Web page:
The Veiled Goddess
Article ID: 15007
Age Group: Adult
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Posted: April 8th. 2012
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Throughout history, women have covered their hair for a variety of reasons. Wearing a veil has been seen as a symbol of a woman’s status – marriage or otherwise. Brides have worn veils for centuries to protect them from the evil eye. Ancient Greek texts have spoken of married women covering their hair (and sometimes faces) in public. Married women and women of high socioeconomic status covered in Babylonia and Sumeria.
Today, if someone mentions head covering, most people automatically think of Muslimahs in their hijabs, Mennonite women in their caps, nuns in their wimples, or Jewish women in tichels. The images associate with these head coverings range from that of a woman devoted to her God, to a woman being violently oppressed by a phallocentric religion and patriarchal society. Head coverings are controversial! This essay is going to talk a little bit about head coverings, and you might be surprised to find out who does it, and why.
What does this have to do with Paganism? Paganism, a term that describes the unknown, the wild and free. Well, I’m Pagan, and I cover my head. Not all the time, but I do cover it for rituals and when I am working with my hearth goddess. My hearth goddess is Hestia, and Hestia wears a veil.
A few years ago, when I first started down my path as a kitchen witch, I began to cover my head. One day, I put a cover on my head and let it drape across my shoulders. I meditated and had a more meaningful experience than when I was uncovered. I began doing more meditations and devotionals with my trusty sarong wrapped around my head.
Going further back, I remember researching Hestia when I was in college. I was probably 20 or 21. I was invited to a Halloween party, and we were supposed to dress as our favorite god. I didn’t (and still don’t) have what I would call a “favorite”, but I must say that I felt a rather instant connection with Hestia. A friend of mine originally suggested Vesta, but my connection with Hestia was stronger. I was still learning the basics and hadn’t given any thought to a pantheon, but She intrigued me. What also intrigued and frustrated me was the lack of information about Her. I know of a grand two myths that involve Hestia. She avoided the drama of the rest of the gods, and I respect that.
Recently, I started covering my hair again, just on a whim, and it immediately felt right. I didn’t want to do any of my kitchen witchin’ without my scarf. Then, I remember Hestia was a veiled goddess. I made the connection. She had been calling to me, and I finally picked up on it. Now I wear a scarf over my hair as my veil. I do this when I am tending to my hearth (a.k.a. cooking) and during rituals. I have a special head covering for rituals.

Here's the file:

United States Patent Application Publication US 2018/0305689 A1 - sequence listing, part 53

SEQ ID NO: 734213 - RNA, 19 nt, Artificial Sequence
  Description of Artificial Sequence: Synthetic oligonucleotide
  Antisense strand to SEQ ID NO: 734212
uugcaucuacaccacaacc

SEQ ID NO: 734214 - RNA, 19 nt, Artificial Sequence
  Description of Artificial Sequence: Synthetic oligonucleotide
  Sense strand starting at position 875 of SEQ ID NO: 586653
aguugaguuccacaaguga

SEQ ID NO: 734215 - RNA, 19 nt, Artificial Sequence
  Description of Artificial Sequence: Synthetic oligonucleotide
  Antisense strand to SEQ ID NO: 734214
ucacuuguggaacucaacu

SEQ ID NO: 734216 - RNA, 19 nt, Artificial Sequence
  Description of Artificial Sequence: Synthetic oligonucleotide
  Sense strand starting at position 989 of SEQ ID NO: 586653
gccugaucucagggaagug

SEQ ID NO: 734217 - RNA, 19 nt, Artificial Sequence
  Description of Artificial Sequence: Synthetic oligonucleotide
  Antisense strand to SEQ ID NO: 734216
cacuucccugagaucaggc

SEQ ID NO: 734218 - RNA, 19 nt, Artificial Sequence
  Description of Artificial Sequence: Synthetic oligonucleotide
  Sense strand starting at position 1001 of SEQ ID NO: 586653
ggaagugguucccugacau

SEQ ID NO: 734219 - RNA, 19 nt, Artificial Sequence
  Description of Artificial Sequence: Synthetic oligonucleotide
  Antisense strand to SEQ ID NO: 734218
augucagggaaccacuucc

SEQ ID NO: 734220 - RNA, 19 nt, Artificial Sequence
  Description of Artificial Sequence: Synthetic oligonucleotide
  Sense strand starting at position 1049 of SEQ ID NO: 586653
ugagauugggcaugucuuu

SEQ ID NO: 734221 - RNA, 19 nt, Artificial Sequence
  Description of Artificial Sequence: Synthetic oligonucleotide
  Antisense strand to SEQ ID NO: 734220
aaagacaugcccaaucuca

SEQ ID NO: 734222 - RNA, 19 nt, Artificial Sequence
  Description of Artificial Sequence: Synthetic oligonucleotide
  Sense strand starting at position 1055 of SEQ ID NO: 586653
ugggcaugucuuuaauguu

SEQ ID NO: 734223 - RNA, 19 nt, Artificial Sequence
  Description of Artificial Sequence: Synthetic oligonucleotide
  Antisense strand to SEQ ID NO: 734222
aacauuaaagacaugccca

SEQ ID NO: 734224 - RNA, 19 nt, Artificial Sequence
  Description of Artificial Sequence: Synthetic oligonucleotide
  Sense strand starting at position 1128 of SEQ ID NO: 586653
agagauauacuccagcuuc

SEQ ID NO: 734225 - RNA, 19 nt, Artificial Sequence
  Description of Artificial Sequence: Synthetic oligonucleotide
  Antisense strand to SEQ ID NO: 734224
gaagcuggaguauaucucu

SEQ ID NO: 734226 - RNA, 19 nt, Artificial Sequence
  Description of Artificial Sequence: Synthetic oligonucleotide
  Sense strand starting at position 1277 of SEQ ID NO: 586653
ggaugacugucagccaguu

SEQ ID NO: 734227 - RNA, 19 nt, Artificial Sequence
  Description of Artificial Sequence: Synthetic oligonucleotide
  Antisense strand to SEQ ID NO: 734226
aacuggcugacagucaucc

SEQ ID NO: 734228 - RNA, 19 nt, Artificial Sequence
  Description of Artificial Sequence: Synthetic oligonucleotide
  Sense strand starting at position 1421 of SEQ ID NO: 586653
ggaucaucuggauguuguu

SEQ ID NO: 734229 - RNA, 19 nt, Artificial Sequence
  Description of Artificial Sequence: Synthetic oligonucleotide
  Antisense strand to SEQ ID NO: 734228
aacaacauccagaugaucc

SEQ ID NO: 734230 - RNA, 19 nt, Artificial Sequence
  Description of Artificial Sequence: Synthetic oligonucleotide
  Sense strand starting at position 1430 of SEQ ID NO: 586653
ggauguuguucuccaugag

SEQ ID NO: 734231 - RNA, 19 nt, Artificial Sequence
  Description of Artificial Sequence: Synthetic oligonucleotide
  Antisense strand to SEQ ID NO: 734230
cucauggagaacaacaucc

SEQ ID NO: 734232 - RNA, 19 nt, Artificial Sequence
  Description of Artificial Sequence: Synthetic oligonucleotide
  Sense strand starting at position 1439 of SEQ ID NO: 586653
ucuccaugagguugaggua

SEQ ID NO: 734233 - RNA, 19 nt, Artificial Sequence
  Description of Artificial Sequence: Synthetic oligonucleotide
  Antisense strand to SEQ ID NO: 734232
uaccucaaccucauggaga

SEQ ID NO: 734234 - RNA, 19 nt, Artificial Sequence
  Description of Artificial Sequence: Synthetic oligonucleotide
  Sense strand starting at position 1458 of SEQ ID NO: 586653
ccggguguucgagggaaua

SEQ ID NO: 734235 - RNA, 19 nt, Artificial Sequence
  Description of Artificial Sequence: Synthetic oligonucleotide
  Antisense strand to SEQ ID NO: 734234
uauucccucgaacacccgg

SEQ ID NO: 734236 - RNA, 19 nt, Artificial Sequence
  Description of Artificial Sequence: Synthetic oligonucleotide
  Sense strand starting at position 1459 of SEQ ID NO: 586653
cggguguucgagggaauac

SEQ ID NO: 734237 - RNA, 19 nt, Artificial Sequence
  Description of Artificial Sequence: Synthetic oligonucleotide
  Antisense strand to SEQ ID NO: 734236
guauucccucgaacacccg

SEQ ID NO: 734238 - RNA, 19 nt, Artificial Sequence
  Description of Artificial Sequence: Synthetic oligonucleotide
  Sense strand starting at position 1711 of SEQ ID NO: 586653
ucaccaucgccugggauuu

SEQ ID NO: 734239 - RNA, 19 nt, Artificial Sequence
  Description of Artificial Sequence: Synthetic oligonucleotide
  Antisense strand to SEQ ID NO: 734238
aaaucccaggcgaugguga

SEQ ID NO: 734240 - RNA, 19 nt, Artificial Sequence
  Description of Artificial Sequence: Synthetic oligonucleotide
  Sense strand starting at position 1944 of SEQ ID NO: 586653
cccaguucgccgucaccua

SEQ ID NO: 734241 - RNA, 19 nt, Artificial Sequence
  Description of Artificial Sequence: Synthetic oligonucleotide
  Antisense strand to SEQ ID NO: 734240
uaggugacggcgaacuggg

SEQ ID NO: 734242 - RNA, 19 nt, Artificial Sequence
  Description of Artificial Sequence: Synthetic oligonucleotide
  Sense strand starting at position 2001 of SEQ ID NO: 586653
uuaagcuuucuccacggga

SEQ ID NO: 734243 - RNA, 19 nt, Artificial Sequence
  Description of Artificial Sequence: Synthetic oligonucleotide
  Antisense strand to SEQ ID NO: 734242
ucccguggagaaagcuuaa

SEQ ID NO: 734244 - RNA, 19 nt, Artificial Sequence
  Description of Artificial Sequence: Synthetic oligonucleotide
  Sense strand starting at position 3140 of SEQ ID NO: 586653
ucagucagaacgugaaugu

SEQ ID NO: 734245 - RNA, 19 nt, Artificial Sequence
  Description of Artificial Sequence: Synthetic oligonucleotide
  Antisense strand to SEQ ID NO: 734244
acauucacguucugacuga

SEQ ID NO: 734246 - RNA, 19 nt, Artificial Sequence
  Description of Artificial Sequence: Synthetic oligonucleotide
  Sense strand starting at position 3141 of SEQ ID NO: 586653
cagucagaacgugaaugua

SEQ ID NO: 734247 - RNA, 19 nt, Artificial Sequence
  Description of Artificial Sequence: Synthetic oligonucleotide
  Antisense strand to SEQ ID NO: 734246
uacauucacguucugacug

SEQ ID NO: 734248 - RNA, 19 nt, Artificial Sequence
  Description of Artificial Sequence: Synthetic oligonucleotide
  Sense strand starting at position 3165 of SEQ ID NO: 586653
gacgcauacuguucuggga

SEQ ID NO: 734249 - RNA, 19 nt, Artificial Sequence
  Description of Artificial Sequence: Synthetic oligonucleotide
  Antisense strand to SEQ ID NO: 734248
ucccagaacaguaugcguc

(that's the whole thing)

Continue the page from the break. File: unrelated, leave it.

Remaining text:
I enjoy doing this. I do it for me, and I do it for Hestia. I’m not alone, either. I recently spoke with a university friend of mine who mentioned covering her hair during domestic activities, and doing it out of respect for Hestia. She introduced me to a Facebook group that is full of polytheistic and polytheistic-friendly women who cover their hair for similar reasons. Some cover all the time, and others only do it at certain times. For me, it separates magical time from other times.
Perhaps some people may not see the reasons behind this. I assure you, I am not being oppressed. I’m still a feminist and daughter of the Goddess. I am doing what feels right for me, and I believe Hestia is calling to me. I am going to heed this call and go where She takes me.
The call to cover doesn’t come to everyone, even those who worship a veiled goddess. Many of us who do cover, however, have felt the call from a veiled goddess, be it Hestia, Vesta (the Roman version) , Frigga or another. I believe that it should be a personal decision. I believe that it should be a personal decision in any religion, but I do not want to disrespect teachings with which I am not as familiar.
There are many different reasons for covering. For Hestia, the virgin, it was a symbol of purity. The Virgin Mary is seen wearing a veil, possibly for the same reason. Some Pagan women cover for modesty, while others (myself included) cover because it helps control the flow of energy. In fact, energy builds up faster when I wear my scarf. Removing it causes a virtual “whoosh” of energy. It actually makes grounding easier, believe it or not! Last night, I asked my boyfriend to remove my scarf so he could feel it, too. He was amazed at the feeling. I actually feel a little light-headed after I unveil myself.
I have set up a space for Hestia and invited her into my home, to grace my hearth. I feel she has accepted, and I will do my best to honor Her appropriately. This includes offerings of food and the lighting of a candle when I cook for a special purpose. Sometimes I burn the candle anyway, as my stove is electric and a candle is the closest thing I have to a hearth flame. Other symbols of Hestia include amethyst, keys, veils, and pigs. I have an amethyst bracelet on my altar, along with a key. My own two hands made my statue of Hestia, and I plan to work on a pig.
If you are a budding kitchen/hearth/cottage witch, it is worth it to research kitchen and hearth deities. If you feel the call of Hestia, you will be one of many. You will be welcome at my hearth any time.
I would like to end this essay by sharing a prayer to Hestia. I wrote this earlier in the week and I consider it to be a work in progress.
Keeper of the flame
Goddess of the Hearth
Bless this the hearth
Of Thy sister,
She who comes
Veiled before you
May the flame
Never be extinguished
May your blessing and spirit
Always abide here.
Copyright: copyright Brandy Griffin 2012
Location: Milton, West Virginia
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